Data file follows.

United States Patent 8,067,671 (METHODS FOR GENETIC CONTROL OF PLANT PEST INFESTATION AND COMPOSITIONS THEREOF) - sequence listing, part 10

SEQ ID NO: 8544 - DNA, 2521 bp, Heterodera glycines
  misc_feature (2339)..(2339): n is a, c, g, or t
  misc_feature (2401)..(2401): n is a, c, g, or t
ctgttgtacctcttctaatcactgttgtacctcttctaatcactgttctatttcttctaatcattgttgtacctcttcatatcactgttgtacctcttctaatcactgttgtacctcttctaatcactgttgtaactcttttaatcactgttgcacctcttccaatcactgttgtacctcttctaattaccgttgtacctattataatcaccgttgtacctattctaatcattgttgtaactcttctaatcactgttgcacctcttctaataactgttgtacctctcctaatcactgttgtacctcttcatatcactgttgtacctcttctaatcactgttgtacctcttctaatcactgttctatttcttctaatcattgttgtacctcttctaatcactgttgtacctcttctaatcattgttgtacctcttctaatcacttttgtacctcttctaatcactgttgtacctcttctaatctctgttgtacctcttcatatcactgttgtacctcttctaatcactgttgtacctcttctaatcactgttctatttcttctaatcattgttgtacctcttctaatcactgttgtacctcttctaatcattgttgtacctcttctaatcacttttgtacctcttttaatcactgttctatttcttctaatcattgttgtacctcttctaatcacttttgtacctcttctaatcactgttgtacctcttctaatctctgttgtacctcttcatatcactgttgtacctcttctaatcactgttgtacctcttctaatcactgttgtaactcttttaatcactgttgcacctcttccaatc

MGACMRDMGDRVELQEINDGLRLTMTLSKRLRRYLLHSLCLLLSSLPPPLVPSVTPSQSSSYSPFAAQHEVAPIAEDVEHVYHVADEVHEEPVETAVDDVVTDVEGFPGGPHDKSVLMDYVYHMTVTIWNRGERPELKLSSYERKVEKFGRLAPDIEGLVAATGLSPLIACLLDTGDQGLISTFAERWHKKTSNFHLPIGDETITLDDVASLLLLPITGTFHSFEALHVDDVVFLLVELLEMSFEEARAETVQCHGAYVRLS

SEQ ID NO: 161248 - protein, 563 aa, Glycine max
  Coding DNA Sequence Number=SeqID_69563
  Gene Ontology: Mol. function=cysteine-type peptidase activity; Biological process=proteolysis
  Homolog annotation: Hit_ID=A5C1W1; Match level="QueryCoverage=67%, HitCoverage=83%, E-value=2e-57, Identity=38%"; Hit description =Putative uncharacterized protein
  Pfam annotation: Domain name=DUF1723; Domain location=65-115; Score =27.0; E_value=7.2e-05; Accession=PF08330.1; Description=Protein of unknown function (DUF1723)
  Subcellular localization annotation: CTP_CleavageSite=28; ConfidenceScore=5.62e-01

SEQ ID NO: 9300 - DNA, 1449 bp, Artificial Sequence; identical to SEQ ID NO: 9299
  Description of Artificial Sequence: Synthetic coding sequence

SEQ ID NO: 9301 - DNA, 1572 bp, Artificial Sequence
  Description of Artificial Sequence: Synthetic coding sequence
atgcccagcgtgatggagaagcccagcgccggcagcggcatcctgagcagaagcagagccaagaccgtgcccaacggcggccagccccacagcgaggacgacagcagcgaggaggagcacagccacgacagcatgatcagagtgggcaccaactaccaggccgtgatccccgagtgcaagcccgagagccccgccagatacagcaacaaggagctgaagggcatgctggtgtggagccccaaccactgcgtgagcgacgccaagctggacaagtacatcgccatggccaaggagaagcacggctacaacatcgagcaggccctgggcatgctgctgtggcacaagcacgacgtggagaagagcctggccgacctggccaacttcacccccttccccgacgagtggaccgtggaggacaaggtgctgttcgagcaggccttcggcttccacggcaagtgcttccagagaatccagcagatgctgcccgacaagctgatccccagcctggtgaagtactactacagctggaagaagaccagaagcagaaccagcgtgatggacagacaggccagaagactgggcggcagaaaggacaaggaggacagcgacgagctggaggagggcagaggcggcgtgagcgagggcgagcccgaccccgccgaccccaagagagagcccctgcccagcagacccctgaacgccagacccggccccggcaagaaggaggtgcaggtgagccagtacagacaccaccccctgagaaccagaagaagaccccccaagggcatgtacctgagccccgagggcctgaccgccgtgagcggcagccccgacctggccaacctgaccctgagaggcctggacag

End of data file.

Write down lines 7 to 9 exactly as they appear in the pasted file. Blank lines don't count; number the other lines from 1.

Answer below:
SEQ ID NO: 161248 - protein, 563 aa, Glycine max
  Coding DNA Sequence Number=SeqID_69563
  Gene Ontology: Mol. function=cysteine-type peptidase activity; Biological process=proteolysis